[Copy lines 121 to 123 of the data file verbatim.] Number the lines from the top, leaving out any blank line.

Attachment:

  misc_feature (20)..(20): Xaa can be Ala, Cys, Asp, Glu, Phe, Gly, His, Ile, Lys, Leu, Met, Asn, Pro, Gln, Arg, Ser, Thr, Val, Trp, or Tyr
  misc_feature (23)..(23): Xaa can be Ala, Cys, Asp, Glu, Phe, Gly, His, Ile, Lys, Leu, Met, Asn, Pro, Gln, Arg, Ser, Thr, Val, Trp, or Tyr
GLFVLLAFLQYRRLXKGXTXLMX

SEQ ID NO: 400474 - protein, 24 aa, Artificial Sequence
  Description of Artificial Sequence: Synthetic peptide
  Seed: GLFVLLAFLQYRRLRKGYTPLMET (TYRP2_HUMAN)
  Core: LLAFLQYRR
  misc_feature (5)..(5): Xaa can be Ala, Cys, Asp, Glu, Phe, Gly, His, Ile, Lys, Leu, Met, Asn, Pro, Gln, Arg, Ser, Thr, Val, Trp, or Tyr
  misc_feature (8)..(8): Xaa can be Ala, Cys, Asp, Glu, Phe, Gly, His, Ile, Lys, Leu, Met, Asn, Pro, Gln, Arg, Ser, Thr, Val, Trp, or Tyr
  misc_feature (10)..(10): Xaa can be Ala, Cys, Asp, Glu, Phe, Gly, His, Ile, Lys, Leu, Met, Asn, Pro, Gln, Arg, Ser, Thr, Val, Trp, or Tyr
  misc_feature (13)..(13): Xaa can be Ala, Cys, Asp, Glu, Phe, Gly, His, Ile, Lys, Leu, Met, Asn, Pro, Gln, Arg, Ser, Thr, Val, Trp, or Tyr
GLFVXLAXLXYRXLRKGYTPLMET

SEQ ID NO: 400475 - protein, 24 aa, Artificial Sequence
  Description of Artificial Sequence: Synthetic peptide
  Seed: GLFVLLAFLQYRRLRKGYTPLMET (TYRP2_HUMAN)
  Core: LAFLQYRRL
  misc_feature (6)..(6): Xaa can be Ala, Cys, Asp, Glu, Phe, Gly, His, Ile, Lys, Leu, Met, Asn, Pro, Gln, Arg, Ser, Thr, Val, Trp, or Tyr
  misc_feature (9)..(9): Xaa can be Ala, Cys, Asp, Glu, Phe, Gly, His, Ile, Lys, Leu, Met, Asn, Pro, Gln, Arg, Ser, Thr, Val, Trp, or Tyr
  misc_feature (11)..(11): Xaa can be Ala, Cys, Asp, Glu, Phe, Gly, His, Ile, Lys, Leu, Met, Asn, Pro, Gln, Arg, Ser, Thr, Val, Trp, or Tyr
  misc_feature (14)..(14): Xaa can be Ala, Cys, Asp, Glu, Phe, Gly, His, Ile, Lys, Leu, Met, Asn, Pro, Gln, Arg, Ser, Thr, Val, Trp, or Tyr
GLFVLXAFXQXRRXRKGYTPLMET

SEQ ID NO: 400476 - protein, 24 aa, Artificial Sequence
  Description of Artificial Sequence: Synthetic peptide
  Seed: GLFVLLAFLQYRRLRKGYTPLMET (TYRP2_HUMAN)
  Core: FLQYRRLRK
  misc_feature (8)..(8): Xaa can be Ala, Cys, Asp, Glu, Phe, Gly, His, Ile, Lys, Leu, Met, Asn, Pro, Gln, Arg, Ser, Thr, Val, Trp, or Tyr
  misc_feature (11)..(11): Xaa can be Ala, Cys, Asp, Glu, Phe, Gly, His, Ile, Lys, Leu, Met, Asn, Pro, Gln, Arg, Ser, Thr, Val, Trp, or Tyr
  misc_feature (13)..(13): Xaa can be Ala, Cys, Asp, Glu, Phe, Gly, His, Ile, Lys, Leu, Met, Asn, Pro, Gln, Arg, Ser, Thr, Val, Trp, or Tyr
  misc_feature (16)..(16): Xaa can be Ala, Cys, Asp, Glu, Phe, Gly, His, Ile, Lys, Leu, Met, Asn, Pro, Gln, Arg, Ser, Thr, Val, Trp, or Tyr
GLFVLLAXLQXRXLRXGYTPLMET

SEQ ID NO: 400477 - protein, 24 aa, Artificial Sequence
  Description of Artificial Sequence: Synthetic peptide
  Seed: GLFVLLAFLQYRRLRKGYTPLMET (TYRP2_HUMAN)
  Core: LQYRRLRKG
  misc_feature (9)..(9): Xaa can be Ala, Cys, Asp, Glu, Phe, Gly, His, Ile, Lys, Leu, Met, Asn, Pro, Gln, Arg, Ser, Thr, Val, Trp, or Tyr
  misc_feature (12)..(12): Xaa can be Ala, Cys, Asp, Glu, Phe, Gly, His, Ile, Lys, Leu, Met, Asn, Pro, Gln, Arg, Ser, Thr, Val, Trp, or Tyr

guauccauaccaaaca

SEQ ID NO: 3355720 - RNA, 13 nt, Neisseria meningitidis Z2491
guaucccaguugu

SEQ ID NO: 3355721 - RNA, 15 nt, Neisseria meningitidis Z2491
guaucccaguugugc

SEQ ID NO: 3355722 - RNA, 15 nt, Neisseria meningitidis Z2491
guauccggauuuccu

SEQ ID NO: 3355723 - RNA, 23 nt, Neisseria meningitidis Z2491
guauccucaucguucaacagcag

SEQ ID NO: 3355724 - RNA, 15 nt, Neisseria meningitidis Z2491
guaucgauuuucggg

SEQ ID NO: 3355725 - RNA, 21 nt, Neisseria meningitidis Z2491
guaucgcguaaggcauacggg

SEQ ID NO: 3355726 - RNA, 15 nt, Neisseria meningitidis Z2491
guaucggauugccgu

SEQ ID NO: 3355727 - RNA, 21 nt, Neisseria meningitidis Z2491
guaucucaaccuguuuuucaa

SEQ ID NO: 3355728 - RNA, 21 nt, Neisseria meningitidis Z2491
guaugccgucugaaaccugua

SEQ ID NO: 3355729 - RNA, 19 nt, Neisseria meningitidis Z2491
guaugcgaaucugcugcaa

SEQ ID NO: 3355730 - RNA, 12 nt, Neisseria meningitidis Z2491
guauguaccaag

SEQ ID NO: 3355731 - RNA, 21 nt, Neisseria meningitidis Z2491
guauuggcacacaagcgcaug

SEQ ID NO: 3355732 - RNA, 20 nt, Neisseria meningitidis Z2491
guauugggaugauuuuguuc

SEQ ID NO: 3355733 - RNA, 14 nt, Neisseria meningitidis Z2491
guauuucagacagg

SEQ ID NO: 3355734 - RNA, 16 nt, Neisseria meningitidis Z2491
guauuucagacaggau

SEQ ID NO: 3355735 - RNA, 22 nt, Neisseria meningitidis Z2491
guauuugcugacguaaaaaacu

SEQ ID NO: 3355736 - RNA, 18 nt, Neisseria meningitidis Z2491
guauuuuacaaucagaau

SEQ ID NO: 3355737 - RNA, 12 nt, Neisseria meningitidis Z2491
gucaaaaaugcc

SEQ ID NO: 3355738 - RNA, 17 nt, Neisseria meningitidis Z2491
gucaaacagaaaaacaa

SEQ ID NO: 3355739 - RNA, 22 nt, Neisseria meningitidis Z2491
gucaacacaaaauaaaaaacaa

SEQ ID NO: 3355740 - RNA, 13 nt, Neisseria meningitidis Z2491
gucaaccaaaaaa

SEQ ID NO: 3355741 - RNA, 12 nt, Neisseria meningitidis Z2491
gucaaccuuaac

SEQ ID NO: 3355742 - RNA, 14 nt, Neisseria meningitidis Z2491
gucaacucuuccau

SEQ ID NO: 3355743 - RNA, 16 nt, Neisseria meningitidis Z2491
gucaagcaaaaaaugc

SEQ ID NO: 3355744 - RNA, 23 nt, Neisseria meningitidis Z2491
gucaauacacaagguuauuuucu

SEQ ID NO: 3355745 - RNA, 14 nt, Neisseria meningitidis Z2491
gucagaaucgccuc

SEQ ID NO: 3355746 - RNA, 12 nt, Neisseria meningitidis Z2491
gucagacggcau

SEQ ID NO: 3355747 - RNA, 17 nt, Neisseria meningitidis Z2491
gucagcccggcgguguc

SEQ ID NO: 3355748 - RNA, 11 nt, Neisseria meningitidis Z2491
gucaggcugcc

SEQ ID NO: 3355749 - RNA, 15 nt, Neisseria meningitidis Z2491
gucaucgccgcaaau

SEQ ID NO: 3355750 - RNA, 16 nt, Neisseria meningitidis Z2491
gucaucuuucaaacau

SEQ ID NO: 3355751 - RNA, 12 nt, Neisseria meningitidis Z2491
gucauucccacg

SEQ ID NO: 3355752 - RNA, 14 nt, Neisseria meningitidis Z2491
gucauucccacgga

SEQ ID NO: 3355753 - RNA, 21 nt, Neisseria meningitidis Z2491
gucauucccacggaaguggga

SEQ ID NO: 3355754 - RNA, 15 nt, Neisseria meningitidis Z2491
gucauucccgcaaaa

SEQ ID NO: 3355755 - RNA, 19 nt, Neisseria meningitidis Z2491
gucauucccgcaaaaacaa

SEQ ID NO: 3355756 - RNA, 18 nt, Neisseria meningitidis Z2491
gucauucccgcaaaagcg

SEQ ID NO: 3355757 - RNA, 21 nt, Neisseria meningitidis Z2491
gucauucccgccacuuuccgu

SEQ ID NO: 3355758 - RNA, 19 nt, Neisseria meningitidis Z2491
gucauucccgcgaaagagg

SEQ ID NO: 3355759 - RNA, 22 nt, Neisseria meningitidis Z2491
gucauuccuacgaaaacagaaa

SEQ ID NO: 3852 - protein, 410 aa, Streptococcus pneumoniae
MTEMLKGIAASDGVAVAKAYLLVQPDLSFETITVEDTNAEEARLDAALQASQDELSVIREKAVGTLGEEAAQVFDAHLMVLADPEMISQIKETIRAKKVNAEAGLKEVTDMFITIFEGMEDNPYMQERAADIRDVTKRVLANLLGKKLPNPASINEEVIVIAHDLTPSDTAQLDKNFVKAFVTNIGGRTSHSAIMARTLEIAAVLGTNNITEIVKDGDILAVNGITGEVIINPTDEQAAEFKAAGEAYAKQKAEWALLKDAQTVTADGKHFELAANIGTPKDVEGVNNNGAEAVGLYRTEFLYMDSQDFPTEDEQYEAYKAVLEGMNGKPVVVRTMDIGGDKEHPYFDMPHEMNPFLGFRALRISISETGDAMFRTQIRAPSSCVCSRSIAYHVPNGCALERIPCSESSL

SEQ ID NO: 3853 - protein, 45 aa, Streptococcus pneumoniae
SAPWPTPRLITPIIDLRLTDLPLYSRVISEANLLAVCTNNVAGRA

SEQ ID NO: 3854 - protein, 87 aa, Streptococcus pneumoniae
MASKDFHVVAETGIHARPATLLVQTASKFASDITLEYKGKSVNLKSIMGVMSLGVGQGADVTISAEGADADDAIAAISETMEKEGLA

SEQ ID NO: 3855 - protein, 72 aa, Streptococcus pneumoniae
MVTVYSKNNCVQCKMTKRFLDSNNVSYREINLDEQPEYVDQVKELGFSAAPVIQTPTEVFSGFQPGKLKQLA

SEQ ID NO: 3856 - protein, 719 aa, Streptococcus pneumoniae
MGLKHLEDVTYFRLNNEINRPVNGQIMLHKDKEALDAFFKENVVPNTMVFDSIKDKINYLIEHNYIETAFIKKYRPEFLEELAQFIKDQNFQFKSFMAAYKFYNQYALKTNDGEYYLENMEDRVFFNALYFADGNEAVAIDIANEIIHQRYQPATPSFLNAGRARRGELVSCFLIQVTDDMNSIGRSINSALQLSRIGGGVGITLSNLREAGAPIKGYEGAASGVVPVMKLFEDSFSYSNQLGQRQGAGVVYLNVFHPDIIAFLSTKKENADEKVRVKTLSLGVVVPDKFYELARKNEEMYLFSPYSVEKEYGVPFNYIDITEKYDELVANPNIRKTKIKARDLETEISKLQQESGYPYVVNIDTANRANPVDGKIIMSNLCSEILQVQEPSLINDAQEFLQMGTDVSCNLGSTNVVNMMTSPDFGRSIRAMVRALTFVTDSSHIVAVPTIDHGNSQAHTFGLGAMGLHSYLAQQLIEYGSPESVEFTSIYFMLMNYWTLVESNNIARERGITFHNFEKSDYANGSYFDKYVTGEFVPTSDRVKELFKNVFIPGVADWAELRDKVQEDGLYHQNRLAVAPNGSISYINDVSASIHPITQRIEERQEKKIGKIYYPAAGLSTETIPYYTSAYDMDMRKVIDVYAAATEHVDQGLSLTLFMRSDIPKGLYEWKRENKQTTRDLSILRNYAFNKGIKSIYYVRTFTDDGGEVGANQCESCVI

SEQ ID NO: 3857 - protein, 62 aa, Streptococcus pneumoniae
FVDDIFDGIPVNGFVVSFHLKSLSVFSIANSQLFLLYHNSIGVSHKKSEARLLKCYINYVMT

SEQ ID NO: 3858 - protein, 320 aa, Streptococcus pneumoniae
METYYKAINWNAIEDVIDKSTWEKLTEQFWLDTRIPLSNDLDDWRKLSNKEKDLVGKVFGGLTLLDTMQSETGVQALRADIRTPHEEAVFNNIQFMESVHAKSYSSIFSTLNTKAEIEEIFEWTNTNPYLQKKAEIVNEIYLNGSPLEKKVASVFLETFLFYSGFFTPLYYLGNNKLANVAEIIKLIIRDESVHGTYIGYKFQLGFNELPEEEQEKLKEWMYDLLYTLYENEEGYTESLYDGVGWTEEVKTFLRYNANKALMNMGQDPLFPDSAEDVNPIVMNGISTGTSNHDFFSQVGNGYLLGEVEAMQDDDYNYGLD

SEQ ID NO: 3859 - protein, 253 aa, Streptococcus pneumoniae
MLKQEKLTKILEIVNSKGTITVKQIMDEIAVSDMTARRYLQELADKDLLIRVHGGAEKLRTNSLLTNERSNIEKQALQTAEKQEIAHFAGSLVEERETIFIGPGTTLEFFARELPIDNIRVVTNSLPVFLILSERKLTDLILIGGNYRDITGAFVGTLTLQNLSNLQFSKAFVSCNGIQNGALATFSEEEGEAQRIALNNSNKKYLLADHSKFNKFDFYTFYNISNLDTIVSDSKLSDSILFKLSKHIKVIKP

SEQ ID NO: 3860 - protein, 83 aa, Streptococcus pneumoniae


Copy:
SAPWPTPRLITPIIDLRLTDLPLYSRVISEANLLAVCTNNVAGRA

SEQ ID NO: 3854 - protein, 87 aa, Streptococcus pneumoniae
MASKDFHVVAETGIHARPATLLVQTASKFASDITLEYKGKSVNLKSIMGVMSLGVGQGADVTISAEGADADDAIAAISETMEKEGLA